Market Day - Bringing Polio Immunizations to the People

This is a guest post by Philip L. Graitcer and the fourth in a five-part series about a group of dedicated Rotary volunteers helping to eradicate polio in Kaduna, Nigeria.

Today is one of Nigeria's Polio Plus Days. These are days when there's a big push to go out and bring polio immunizations to the people. We're going to the Monday Market - one of the largest outdoor markets in this part of Nigeria. Everyone comes here to get their supplies - from fruits, vegetables and meats, to clothing, building supplies and car parts. There will be thousands of people and hundreds of kids.

Town crier

Our team had a new addition - a town crier. She's Miriam Dima, about 4'8" tall, dressed in a African print wrap, a green shawl and a light blue apron with " Immunization Is Safe and Effective" printed on it. She's carrying a battery-powered megaphone. As we walk through the market, she speaks in the local Hausa language - her amplified voice carrying across the market.

"Good morning, good morning. Come closer for immunization. How many children have not been vaccinated? Bring them close. Immunization prevents sickness. Children are the future of tomorrow. May God bless us."

As we snake through the crowds, we're on the lookout for infants in their mothers' arms or strapped to their mothers' backs. They might be eligible for a polio immunization. We look for an ink mark on the fingernail of the child's left hand pinky, a sign that the child was immunized. If there isn't a mark, the child is unvaccinated.

The market was so crowded we could hardly walk, but remarkably, there was little pushing or shoving. The crowds just part - like Moses and the Red Sea - as we walked through. In a couple hours we gave 400 immunizations.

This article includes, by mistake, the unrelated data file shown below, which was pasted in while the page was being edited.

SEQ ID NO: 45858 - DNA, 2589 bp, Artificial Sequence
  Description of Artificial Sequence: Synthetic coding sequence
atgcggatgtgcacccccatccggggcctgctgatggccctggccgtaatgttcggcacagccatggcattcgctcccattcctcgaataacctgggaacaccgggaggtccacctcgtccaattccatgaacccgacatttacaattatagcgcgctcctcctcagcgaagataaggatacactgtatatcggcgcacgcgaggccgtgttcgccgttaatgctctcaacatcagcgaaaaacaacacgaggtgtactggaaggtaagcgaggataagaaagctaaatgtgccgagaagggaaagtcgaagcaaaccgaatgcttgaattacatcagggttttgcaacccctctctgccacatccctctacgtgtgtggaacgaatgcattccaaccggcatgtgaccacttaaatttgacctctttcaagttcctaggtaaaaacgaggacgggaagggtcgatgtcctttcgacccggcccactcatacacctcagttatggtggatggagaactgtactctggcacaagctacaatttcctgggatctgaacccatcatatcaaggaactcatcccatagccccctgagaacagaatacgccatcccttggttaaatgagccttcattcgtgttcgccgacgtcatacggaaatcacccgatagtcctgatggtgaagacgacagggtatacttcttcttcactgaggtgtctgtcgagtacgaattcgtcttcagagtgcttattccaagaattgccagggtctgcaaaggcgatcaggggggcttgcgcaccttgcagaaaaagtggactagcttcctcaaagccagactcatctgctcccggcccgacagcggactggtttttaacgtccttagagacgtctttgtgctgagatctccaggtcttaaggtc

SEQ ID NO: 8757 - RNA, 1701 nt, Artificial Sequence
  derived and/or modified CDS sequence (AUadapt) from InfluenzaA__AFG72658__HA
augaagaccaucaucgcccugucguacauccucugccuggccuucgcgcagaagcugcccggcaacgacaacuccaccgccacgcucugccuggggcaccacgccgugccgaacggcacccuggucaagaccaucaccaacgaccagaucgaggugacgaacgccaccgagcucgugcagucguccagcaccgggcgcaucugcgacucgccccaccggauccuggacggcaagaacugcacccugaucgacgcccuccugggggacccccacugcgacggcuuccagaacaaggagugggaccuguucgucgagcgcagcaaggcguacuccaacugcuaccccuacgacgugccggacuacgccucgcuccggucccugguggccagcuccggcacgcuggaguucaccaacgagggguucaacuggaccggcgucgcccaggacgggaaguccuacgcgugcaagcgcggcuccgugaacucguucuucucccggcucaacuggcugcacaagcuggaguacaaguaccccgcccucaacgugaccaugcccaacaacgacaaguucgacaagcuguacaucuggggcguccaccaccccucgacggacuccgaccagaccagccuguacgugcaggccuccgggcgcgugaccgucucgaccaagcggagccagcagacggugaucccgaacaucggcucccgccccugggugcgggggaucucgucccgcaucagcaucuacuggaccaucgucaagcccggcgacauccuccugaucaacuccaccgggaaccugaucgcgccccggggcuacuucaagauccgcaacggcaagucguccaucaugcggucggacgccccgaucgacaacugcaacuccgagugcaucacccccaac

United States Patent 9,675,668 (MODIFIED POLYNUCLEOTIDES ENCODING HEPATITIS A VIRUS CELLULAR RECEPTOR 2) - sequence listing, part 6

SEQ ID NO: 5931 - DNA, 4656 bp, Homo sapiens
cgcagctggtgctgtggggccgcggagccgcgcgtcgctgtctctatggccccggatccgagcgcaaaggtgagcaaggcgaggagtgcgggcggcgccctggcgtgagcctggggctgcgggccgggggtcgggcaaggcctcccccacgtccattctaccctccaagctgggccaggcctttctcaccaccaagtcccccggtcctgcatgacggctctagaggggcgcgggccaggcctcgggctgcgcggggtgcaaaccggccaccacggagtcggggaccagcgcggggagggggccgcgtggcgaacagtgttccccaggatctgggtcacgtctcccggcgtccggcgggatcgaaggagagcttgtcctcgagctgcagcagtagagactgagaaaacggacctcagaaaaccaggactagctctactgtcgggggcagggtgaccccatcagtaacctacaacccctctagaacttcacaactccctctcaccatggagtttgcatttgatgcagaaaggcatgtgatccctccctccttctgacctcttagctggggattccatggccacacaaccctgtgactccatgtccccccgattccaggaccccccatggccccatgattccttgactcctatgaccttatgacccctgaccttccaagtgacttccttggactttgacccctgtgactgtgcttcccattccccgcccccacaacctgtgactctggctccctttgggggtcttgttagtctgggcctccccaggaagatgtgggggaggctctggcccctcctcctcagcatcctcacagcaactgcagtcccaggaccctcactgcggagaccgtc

polio vaccines story

Photos by Philip Graitcer

Graitcer is an independent radio producer based in Georgia. His stories have been heard on NPR, The World, Studio 360, and VOA. This is his fourth career - he's also been a medical epidemiologist at the U.S. Centers for Disease Control, a university professor, and a bicycle tour leader in Europe. His most recent radio stories can be heard on the website. You can follow him on Twitter at @radio_phil.

To learn how to volunteer for a Rotary polio trip, contact your local club or Rotary International.

For part 1 of the series, click here. Part 2 here. Part 3 here. Check back for the final part of this series next Wednesday.

 

Also of Interest

 

See the AARP home page for deals, savings tips, trivia and more

 

Search AARP Blogs

Related Posts
October 27, 2015 05:58 PM
Lexi Jadoff, 31, is a driven, ambitious Washington, D.C., consultant with a unique way of de-stressing. She volunteers with The Reading Connection (TRC), a nonprofit that promotes reading for at-risk families. Jadoff is among the Read-Aloud volunteers who read each week with children at shelters and affordable apartment complexes.
September 17, 2015 02:29 PM
Some people take a fitness class before heading to work. Others jog a mile or two. Jennifer Kenealy, 45, gets her morning workout by hauling boxes of children’s books to schools, recreation centers, youth-focused nonprofit organizations and other sites. These are spots where children of low-income families congregate as part of Alexandria Book Shelf (ABS), a citywide literacy program run by the uber-creative DreamDog Foundation.
September 08, 2015 11:10 AM
Men in tuxedos and women in sparkly jackets mingle in the Green Room of the Little Theater of Alexandria (LTA) in Virginia. A pianist in the far corner plays show tunes on a baby grand piano while a small group sings “Hello, Dolly.” Other guests sip wine and nibble on artistically presented hors d’oeuvres.